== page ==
### Least models of second-order set theories

#### by kamerynwilliams

K. Williams “Least models of second-order set theories” (under review) arXiv PDF bibTeX

AbstractThe main theorems of this paper are (1) there is no least transitive model of Kelley–Morse set theory and (2) there is a least -model—that is, a transitive model which is correct about which of its classes are well-founded—of Gödel–Bernays set theory + Elementary Transfinite Recursion. Along the way I characterize when a countable model of has a least -realization and show that no countable model of has a least -realization. I also show that fragments of Elementary Transfinite Recursion have least -models and, for sufficiently weak fragments, least transitive models. These fragments can be separated from each other and from the full principle of Elementary Transfinite Recursion by consistency strength.

The main question left unanswered by this article is whether there is a least transitive model of + Elementary Transfinite Recursion.

Every set theorist knows there is a least transitive model of . What if we want to ask the same question about second-order set theories? Which second-order set theories, if any, have least transitive models? The answer for follows immediately from the existence of a least transitive model of : the least transitive model of is where is the least transitive model of . (Indeed, Shepherdson formulated his original argument in terms of (i.e. without Global Choice), rather than in terms of .) But this easy argument won’t work for second-order set theories that assert the existence of more classes.

Indeed, no argument will work for sufficiently strong second-order set theories. Take . Allowing for the existence of impredicatively-defined classes means that models of have enough “meta-ordinals” that tools from admissible set theory can be applied. Starting from a model of we can build another model of whose first-order part is the same but whose second-order part sits off to the side, so to speak.

So no (countable) model of has a least -realization and thus there cannot be a smallest transitive model of . (Of course, see the actual paper for more than a brief sketch of the argument.)

But is much stronger than and there are natural theories in the middle. What about those? For more or less the same argument as the case goes through, getting that they don’t have least transitive models. (But I don’t give a proof of such in this paper; see my forthcoming dissertation for full details.)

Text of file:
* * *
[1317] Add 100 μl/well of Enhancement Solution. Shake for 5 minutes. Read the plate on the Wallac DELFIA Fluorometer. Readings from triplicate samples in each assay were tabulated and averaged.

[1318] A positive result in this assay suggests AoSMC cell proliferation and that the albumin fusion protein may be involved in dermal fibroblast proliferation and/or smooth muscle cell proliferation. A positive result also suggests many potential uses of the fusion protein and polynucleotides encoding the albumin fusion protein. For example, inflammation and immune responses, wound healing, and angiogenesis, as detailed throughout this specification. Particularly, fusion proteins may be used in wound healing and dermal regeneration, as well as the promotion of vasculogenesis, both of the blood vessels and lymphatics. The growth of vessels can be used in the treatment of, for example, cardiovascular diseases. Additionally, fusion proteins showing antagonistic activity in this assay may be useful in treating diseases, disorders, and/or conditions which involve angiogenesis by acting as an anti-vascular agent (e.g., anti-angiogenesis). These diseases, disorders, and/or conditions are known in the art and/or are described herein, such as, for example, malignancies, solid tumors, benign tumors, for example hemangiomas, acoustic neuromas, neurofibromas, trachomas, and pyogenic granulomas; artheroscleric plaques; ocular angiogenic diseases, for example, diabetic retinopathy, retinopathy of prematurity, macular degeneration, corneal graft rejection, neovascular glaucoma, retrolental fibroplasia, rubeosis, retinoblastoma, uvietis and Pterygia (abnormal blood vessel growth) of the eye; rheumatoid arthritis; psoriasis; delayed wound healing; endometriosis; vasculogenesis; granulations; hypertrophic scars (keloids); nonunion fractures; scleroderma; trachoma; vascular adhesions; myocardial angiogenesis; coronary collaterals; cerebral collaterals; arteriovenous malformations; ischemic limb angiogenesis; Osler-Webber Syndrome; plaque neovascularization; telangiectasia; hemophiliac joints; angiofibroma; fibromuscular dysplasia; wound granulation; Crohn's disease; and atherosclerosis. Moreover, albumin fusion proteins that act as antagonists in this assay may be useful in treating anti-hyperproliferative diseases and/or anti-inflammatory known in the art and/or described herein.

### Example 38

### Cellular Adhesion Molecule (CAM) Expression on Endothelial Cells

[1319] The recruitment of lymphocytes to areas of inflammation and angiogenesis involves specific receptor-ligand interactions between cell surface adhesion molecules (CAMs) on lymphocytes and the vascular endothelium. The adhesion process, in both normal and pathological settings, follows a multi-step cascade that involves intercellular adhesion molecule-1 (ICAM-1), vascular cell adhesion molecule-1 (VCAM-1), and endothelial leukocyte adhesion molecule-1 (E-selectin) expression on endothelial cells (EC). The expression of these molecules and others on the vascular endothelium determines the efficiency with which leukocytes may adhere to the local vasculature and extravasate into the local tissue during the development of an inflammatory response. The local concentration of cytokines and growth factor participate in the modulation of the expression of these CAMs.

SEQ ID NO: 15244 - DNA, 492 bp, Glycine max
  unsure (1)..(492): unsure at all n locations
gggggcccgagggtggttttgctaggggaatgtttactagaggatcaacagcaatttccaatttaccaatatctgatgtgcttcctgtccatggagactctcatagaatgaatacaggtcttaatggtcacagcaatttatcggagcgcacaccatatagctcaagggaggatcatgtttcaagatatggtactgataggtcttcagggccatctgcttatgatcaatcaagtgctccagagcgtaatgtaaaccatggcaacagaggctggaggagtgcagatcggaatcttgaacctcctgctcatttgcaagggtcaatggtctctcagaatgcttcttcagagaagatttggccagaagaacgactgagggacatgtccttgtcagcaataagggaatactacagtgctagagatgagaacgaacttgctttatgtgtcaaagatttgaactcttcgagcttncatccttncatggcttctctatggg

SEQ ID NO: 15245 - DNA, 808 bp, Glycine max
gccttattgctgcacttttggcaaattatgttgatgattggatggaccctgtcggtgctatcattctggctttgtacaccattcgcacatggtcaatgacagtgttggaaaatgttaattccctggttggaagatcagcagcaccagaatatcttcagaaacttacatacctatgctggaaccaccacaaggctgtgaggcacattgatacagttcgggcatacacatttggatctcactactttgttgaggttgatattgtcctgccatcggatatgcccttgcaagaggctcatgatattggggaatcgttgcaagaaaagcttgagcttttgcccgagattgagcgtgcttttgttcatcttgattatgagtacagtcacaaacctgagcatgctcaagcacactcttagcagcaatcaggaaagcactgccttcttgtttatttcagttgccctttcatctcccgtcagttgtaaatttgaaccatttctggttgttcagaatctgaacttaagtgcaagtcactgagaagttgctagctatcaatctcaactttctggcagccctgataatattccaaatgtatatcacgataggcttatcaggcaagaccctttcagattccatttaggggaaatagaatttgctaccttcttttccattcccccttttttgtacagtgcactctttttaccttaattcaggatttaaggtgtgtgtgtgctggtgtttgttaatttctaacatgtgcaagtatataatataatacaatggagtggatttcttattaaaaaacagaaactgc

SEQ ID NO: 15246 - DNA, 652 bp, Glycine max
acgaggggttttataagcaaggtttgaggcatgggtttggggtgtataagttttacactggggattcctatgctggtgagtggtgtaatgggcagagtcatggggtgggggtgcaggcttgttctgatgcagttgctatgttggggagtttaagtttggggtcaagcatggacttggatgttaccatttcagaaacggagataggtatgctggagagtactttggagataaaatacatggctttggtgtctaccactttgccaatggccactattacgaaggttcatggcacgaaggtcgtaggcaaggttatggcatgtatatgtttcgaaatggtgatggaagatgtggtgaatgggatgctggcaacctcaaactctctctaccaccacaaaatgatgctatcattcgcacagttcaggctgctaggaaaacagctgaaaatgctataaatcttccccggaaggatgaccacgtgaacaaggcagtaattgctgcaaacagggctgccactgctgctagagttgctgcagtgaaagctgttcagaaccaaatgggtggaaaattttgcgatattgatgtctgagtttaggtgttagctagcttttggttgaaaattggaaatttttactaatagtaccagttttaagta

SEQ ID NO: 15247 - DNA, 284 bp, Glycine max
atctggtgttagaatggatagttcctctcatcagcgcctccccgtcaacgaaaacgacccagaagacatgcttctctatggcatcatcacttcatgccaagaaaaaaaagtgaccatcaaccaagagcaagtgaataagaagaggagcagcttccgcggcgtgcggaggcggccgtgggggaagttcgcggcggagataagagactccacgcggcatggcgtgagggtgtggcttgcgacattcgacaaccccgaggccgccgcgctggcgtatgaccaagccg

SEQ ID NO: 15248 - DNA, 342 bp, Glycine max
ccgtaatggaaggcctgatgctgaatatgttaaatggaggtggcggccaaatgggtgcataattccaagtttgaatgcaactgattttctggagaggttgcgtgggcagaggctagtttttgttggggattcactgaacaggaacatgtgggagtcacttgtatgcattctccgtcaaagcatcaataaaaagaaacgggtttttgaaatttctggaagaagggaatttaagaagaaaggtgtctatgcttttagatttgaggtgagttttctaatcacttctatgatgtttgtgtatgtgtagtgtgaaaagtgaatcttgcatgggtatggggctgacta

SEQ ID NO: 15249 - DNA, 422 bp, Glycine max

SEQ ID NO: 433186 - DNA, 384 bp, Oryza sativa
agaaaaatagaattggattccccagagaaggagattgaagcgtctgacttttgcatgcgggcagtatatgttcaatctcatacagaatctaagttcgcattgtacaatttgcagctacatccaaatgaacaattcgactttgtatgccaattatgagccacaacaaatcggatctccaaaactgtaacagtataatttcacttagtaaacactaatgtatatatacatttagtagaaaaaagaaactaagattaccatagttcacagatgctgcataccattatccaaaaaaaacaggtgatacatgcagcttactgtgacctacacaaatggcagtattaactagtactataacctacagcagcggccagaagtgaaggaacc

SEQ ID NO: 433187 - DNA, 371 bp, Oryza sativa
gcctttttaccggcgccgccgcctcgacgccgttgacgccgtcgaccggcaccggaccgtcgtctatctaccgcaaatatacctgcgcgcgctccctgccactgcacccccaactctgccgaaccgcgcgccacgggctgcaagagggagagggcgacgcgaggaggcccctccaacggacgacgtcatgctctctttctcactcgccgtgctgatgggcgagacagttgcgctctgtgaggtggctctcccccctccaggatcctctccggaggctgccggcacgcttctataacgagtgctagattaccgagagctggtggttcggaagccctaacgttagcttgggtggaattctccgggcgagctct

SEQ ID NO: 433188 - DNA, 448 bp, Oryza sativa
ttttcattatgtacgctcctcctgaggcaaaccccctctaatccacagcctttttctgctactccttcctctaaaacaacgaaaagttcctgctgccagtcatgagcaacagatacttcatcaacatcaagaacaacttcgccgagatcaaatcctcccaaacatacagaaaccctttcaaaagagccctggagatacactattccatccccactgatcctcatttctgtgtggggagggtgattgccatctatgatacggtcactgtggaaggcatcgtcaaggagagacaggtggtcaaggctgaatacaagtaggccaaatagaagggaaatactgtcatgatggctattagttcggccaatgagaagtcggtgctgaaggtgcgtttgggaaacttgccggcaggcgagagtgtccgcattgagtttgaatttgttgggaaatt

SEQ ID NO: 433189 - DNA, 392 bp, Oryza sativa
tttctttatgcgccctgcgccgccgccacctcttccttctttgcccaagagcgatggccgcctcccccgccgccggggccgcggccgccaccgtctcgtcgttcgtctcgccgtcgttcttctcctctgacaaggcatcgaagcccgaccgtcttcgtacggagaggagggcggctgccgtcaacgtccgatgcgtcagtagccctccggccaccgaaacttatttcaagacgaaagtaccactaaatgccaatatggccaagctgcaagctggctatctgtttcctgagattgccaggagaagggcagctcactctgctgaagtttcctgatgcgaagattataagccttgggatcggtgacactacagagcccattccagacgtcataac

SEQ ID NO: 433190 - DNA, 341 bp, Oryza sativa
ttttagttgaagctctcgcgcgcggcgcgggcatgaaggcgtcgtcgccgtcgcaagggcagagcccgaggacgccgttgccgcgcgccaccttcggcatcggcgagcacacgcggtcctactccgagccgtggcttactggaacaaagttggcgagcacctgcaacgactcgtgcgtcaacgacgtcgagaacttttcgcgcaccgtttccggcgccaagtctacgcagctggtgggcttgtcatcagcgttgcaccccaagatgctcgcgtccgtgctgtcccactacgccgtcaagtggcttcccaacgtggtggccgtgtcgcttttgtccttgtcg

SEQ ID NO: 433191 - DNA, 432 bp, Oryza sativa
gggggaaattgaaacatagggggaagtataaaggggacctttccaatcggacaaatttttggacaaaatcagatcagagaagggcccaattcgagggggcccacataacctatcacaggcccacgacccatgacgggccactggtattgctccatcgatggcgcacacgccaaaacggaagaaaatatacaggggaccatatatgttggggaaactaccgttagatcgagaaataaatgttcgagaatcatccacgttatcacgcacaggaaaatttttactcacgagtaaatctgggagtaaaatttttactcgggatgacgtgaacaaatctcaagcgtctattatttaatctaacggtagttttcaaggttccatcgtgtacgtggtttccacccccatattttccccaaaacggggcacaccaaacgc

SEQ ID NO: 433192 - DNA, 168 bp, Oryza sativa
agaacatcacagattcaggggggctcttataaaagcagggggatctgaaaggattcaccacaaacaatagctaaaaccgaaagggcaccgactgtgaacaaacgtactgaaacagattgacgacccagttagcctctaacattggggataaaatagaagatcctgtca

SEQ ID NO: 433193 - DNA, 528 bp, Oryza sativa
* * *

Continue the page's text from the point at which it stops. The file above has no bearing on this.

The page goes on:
So let’s go lower, to the theory , which is augmented with the principle of Elementary Transfinite Recursion. Then is stronger than because, say, we can construct the Tarskian satisfaction class for first-order formulae via a class recursion of height . But is strictly weaker than .

I don’t actually know whether there is a least transitive model of . (This is the main open question from my paper.) However, I do show that there is a least -model of . As well, sufficiently weak fragments of —such as which only asserts that elementary transfinite recursions of height have solutions—do have least transitive models. Combined with the results from my joint paper with Gitman, Hamkins, Holy, and Schlict this gives that there is a smallest transitive model of which satisfies the forcing theorem for all class forcings. I think that’s neat.

`@ARTICLE{Williams:least-models,`

author = {Kameryn Williams},

title = {Least models of second-order set theories},

journal = {},

year = {},

volume = {},

number = {},

pages = {},

month = {},

note = {manuscript under review},

abstract = {},

keywords = {},

source = {},

doi = {},

eprint = {1709.03955},

archivePrefix = {arXiv},

primaryClass = {math.LO},

url = {https://kamerynblog.wordpress.com/2017/09/12/least-models-of-second-order-set-theories/},

}